Unlock the Editor’s Digest for free
Roula Khalaf, Editor of the FT, selects her favourite stories in this weekly newsletter.
A quiet retirement community in Blackheath, south London, has won the UK’s most prestigious architecture award, with judges praising it as “a place of joy and inspiration”.
The Royal Institute of British Architects said on Thursday that the John Morden Centre had received the Stirling Prize, which annually recognises Britain’s best new building.
The intimate, neat and contained series of homes is executed in brick and small in scale, inspired by neighbouring almshouses built in the 17th century by Edward Strong, Sir Christopher Wren’s master mason.
Quiet, contextual and delicate, the new building by Mae Architects is a fine piece of background architecture and one that addresses the increasingly urgent issue of accommodation for older people.
Ellen van Loon, chair of the Riba Stirling Prize jury, said: “The John Morden Centre is a place of joy and inspiration. It sensitively and seamlessly integrates medical facilities and social spaces, delivering a bold and hopeful model for the design of health and care centres for the elderly.
“Great architecture orients people so they can thrive, and this building is exemplary at achieving exactly that,” she added.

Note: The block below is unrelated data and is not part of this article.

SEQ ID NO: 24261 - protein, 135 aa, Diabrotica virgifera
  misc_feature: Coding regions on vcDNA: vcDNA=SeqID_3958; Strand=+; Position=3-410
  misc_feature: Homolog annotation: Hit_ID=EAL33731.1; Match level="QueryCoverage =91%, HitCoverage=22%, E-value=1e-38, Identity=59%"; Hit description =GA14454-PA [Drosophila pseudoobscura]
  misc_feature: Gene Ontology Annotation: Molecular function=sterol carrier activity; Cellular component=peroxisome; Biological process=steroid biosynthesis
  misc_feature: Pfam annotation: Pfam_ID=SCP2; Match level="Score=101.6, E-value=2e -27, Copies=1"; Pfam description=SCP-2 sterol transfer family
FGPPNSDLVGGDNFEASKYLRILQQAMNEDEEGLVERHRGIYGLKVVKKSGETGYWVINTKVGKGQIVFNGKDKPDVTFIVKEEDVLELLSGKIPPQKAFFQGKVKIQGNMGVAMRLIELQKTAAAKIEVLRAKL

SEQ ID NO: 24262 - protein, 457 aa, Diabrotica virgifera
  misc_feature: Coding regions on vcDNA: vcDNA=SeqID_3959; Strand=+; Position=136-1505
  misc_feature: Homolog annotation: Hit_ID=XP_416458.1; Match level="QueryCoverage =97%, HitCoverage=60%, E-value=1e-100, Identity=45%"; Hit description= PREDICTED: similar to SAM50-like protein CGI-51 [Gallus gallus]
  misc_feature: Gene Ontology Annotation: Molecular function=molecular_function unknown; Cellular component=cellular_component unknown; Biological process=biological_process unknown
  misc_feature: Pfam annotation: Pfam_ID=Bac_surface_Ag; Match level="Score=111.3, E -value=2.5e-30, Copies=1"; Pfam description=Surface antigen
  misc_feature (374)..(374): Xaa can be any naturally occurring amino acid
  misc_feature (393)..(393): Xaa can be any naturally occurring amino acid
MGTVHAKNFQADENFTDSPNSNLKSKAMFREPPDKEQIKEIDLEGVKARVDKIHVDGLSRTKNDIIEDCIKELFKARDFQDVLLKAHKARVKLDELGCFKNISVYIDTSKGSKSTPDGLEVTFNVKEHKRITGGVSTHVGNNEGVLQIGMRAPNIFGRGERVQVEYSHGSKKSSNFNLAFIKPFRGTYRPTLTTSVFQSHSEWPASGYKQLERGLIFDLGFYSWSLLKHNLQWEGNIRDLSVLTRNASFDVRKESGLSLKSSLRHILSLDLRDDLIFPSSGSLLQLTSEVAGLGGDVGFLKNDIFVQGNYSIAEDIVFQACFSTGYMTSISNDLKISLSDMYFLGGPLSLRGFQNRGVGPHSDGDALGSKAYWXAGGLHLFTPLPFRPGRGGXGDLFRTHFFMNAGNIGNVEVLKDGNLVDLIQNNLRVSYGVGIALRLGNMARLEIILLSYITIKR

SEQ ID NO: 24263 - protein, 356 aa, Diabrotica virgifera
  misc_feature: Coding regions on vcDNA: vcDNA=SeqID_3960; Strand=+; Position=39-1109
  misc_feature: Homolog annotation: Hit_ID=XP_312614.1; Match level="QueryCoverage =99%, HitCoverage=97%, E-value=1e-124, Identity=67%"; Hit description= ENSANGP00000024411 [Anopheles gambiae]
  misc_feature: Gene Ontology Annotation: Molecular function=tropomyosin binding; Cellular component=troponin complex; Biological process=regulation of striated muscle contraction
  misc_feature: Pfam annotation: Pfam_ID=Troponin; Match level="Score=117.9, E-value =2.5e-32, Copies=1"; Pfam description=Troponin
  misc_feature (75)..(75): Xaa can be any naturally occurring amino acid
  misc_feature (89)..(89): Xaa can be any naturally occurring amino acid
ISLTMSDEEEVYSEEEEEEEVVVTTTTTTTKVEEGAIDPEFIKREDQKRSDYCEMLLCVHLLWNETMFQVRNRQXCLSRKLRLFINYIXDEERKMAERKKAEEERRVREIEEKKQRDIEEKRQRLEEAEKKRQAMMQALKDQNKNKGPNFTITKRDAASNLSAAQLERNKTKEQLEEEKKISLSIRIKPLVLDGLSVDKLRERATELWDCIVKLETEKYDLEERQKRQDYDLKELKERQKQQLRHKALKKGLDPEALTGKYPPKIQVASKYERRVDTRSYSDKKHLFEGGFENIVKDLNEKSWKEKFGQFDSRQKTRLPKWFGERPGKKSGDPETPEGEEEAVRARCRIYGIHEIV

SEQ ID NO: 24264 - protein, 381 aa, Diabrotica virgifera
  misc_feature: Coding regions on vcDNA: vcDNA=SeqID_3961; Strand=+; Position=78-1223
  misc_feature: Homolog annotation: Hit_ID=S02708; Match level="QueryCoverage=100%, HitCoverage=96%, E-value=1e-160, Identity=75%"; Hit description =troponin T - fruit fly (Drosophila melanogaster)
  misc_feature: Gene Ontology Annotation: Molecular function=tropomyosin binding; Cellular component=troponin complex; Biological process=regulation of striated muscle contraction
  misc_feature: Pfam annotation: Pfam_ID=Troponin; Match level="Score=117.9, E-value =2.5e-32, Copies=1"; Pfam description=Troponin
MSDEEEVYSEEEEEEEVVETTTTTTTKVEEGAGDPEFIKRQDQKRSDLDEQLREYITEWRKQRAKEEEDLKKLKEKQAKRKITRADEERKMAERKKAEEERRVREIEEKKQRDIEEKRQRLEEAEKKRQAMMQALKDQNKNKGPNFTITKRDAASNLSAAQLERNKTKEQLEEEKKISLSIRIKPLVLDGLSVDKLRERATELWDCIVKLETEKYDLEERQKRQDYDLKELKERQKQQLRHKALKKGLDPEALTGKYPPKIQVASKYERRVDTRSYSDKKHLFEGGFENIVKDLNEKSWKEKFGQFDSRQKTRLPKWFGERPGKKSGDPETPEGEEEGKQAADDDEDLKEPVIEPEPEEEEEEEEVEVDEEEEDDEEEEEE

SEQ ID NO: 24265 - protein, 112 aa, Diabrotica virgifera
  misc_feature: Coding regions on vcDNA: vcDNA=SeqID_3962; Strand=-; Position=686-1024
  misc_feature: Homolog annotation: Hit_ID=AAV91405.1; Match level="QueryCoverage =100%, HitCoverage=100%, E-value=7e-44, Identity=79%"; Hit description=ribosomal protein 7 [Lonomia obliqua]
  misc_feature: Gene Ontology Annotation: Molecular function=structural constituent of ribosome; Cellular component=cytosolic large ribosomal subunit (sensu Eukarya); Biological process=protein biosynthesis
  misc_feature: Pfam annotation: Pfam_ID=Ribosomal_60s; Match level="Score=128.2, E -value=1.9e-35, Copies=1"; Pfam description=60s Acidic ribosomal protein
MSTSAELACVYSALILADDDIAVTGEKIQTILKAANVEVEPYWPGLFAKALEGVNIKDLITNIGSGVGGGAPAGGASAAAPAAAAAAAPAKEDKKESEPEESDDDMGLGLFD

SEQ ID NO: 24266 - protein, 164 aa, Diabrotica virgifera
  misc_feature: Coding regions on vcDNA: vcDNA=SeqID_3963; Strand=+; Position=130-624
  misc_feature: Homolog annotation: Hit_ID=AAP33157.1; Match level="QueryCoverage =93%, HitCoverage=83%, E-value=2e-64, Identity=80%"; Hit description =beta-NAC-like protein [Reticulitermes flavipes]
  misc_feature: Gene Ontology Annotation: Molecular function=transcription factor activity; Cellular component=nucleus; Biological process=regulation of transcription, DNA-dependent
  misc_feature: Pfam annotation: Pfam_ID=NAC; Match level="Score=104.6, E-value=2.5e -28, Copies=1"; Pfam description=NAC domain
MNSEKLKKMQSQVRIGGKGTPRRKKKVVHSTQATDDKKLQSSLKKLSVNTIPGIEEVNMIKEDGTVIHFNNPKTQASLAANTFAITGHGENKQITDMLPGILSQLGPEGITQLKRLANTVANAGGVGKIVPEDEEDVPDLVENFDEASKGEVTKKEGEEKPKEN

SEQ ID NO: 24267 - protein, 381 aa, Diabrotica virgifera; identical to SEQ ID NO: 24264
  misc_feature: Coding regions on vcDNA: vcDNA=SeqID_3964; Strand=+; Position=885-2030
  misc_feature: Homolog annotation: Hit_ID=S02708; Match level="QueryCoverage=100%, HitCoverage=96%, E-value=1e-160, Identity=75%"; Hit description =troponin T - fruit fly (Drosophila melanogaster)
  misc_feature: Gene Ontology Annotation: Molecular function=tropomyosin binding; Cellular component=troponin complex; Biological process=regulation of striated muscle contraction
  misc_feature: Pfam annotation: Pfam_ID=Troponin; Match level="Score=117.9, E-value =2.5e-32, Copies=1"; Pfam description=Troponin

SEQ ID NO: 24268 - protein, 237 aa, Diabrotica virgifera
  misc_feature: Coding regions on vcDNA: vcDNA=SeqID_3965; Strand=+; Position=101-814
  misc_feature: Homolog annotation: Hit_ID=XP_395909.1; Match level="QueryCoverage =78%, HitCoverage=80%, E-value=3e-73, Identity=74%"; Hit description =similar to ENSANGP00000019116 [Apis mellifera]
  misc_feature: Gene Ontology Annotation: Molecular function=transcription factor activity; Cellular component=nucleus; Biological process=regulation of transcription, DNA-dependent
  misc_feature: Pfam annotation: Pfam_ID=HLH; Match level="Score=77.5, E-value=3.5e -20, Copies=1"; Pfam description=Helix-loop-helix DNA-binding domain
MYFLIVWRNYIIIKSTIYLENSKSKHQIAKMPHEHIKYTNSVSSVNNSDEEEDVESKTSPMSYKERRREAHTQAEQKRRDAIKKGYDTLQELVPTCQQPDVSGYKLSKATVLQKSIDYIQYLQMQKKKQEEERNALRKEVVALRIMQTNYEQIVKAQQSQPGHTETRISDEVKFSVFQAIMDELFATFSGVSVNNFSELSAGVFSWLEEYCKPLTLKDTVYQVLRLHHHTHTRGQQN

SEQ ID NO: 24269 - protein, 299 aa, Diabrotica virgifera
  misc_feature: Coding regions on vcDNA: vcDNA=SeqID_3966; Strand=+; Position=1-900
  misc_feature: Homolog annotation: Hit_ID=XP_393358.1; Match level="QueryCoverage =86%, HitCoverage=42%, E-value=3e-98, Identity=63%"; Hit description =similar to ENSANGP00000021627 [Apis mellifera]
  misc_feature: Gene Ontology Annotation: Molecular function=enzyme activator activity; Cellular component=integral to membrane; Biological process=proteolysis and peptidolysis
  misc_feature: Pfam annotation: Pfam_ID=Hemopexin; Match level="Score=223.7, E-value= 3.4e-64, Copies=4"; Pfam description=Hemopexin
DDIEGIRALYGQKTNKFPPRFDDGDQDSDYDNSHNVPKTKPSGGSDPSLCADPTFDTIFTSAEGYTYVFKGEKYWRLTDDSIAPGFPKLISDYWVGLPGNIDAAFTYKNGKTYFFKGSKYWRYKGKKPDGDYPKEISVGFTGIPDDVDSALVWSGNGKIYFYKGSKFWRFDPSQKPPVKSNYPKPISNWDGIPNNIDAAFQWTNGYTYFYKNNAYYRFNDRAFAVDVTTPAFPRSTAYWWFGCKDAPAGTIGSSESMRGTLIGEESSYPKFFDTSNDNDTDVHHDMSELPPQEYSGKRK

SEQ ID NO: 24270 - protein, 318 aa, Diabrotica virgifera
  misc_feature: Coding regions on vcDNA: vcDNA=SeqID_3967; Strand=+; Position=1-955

Enveloping timber construction inside the John Morden Centre © Jim Stephenson/Riba/PA
Cloisters and warm, enveloping timber construction in the interiors reinforce an almost monastic idea of community. The design also subtly incorporates an existing 1950s hall, which has been retained and refurbished rather than demolished, maintaining continuity and saving embodied carbon.
The client was Morden College and its residents are drawn from one-time business leaders who have fallen on harder times.
The building looks a little like something from rural Denmark in the early 1960s but perhaps that should be understood as a complement rather than a critique, an acknowledgment of the qualities of serious, well-made mid-century modernism all tempered by a bricky vernacular.
The shortlist for this year’s prize was dominated by quiet, community or public buildings that do their utmost to slot into existing neighbourhoods, revisiting rather than reinventing architectural archetypes.
Previous winners include The New Library at Magdalene College, Cambridge university, Hastings Pier and the Everyman Theatre in Liverpool.